- Your story must fit a commercial genre:
- Love Story
- The cheaper the budget, the greater chance of commercial success.
- Things to avoid in your first screenplay:
- Expensive special effects
- Big cast
- Period setting
- Exotic locations
- Intense weather
- Things to avoid in your first screenplay:
Your characters must be original, they must jump off the page/screen. Some tips on how to achieve this,
- Developing small nuance details about a character helps them become unique. Habits, their appearance, their behavior.
- Every character has 3 unique characteristics:
- Determines the physical aspect of the character. Age, sex, etc.
- Background, history and environment
- Intelligence, personality. Aspects about the character that may not be visible, but are on the inside.
The following list are elements needed within your hero that allows the audience to emotionally connect with them: (listed by priority first)
- Getting the audience to feel sorry for the character, that they are the victim.
- Place the hero in jeopardy
You must apply one or all of these 3 elements with your hero, otherwise you will not establish a sufficient emotional connection with your audience. Establish these traits as soon as possible.
Motivation is an essential a part of your hero. Motivation is basically what your hero hopes to achieve by the end of the movie. There are two levels of motivation:
- The outer motivation of your hero answers the question, what the movie is about, the visible goal your hero is trying to achieve. The outer motivation determines the actions your hero takes to answer that question. It also determines the plot of the story.
- The inner motivation answers the question, WHY the hero wants to achieve the goal. The inner motivation is typically invisible to the audience. A psychological desire of the hero.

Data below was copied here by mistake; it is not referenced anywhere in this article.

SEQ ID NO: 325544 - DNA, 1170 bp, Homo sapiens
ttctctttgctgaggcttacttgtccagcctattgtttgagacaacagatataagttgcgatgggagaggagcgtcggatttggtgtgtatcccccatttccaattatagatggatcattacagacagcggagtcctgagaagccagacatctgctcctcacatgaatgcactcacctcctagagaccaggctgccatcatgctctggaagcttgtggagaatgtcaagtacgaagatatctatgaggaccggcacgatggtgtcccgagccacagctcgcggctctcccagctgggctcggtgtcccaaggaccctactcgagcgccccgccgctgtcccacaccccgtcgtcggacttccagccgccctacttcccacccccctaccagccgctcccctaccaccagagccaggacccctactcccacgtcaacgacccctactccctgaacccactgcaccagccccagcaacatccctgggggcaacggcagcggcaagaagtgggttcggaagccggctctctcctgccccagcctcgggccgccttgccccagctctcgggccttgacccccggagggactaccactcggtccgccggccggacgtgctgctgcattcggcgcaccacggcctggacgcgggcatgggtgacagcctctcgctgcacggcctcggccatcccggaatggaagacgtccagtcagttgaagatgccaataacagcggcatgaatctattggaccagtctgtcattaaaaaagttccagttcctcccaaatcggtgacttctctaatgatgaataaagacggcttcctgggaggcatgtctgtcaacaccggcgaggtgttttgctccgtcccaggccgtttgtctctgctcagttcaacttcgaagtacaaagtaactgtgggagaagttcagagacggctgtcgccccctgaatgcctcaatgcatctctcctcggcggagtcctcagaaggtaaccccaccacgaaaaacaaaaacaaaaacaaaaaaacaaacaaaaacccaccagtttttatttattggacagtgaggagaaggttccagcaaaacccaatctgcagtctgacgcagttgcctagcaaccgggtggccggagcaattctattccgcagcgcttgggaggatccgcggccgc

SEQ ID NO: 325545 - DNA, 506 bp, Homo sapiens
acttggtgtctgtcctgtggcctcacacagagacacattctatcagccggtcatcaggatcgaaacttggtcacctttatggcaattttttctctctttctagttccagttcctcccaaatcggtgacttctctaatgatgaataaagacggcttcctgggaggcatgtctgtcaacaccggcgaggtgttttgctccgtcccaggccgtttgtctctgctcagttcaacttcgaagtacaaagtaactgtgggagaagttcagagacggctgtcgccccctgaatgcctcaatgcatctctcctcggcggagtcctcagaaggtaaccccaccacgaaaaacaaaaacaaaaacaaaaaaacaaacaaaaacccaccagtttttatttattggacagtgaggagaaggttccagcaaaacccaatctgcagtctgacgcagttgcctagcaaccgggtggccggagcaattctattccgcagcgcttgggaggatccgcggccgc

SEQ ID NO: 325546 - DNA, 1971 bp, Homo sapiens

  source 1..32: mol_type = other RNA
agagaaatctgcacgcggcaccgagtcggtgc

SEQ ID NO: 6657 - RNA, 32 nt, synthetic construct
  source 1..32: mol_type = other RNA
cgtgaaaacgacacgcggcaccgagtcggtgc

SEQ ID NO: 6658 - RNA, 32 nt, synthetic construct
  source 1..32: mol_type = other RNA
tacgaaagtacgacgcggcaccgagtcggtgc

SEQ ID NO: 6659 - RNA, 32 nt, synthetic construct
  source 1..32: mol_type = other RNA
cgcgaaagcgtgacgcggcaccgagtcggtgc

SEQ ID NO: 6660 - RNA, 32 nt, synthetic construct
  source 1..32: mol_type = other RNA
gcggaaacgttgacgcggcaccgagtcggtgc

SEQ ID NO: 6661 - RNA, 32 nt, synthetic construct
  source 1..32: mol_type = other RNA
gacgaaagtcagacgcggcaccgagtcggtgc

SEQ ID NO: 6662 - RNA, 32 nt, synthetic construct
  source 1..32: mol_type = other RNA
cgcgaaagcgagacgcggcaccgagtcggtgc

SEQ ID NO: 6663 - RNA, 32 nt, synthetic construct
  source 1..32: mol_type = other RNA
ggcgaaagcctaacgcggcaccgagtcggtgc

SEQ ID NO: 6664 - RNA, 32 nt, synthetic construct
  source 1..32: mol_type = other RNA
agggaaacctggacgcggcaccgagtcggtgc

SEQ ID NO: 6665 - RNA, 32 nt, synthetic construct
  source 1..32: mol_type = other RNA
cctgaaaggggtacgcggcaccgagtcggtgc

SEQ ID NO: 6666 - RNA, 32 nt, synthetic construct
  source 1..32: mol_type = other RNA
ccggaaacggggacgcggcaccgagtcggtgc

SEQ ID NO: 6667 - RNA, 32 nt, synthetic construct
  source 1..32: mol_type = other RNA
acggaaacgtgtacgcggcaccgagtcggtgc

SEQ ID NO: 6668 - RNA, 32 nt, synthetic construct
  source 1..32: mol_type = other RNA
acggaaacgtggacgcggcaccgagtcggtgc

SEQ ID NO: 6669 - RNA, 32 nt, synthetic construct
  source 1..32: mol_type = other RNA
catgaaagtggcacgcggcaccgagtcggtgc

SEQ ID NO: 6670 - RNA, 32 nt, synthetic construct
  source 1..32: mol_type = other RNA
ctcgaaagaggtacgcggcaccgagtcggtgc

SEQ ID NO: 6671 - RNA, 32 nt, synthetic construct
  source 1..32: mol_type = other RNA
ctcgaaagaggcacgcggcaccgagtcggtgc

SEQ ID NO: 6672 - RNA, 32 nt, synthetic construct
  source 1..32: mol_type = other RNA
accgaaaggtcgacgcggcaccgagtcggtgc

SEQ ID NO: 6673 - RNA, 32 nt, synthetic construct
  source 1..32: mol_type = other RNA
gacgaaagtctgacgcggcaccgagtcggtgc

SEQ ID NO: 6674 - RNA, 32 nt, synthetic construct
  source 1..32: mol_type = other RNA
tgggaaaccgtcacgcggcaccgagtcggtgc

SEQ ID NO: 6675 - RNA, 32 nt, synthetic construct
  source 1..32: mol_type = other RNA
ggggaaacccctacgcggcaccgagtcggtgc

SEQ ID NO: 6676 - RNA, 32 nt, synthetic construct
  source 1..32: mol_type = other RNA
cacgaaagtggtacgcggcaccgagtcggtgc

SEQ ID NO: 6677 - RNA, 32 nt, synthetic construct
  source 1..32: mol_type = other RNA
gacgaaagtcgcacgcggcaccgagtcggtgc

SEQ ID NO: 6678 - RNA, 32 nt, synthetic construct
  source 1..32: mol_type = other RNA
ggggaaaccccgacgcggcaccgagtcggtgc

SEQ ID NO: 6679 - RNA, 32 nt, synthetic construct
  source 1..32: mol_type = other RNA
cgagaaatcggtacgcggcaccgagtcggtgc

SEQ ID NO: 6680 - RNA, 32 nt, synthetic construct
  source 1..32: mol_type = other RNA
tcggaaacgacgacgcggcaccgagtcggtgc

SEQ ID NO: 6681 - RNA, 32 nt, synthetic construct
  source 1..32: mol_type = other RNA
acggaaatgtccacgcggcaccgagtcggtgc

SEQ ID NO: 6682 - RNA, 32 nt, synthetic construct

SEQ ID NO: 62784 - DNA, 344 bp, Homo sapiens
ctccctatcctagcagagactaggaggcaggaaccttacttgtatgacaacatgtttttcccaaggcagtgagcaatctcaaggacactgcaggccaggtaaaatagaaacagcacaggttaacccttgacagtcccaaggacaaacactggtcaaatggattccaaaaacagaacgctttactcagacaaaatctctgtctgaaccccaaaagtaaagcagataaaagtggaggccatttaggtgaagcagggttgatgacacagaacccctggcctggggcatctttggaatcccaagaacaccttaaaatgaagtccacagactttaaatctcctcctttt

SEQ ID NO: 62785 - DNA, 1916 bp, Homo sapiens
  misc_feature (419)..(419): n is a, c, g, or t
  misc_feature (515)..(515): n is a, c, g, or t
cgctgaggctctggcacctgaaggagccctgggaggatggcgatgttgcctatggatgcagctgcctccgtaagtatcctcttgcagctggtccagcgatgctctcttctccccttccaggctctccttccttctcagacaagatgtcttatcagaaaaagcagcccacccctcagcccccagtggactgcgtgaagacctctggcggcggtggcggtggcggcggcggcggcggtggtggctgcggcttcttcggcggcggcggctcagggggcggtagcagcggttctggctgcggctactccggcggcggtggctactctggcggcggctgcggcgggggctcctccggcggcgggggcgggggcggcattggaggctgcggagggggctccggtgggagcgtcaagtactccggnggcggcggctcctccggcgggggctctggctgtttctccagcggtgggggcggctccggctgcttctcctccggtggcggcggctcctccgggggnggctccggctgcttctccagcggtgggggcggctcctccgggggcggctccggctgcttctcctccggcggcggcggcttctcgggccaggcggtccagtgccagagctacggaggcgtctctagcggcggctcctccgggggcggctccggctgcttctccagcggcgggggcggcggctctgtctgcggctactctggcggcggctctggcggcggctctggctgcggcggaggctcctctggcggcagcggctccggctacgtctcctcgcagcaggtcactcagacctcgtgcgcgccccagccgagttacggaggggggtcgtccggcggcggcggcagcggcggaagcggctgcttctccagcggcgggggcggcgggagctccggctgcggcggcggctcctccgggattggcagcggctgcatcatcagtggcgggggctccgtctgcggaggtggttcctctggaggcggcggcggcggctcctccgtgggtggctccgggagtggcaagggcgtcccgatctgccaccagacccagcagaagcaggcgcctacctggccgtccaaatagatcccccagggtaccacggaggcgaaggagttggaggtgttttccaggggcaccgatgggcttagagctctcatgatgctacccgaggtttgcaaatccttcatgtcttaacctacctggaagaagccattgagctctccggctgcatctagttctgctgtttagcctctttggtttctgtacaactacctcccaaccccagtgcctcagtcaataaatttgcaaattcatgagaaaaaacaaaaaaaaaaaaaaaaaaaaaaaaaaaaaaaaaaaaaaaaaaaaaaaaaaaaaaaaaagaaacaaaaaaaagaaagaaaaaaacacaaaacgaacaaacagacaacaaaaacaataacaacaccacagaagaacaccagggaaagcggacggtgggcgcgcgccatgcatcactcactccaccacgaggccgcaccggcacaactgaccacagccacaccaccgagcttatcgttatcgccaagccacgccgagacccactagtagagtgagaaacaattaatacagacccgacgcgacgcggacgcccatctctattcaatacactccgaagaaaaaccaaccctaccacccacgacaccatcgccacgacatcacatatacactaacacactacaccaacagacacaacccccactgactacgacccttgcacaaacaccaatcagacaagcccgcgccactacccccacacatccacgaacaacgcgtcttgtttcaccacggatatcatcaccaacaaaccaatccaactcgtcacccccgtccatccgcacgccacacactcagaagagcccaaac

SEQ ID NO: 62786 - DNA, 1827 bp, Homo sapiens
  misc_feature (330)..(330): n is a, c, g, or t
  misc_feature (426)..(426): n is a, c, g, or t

Motivation alone does not create an exciting story. This is why you introduce conflict and obstacles in your hero’s path to their motivation. Just like motivation, conflict also includes two levels:
- The outer conflict prevents the hero from achieving their outer motivation. The outer conflict can manifest in two ways (or both), nature or other characters.
- The inner conflict prevents the hero from achieving self-worth through their inner motivation. The inner conflict always manifests from within the hero.
The outer motivation and outer conflict is ESSENTIAL to your screenplay. The inner motivation and inner conflict is a deeper level that you may or may not want to explore.
Types of characters
There are four types of primary characters within any story:
- Hero (protagonist)
- Nemesis (antagonist)
- The more formidable, provocative and engaging is the nemesis, the better the screenplay will be. Typically a stark contrast to the hero. The nemesis must be visible, and visibly confronted.
- The reflection
- A character whose own outer motivation supports the hero’s. Typically, the outer conflict is also shared with the hero. The reason for a reflection character is to create a more believable plot. Another reason is that it gives the hero someone to talk to.
- The romance
- The object of the hero’s outer motivation, sexually or romantically. Alternatively, this character supports the hero’s outer motivation, but also opposes it. No conflict within two romantic characters will die, it’ll be boring.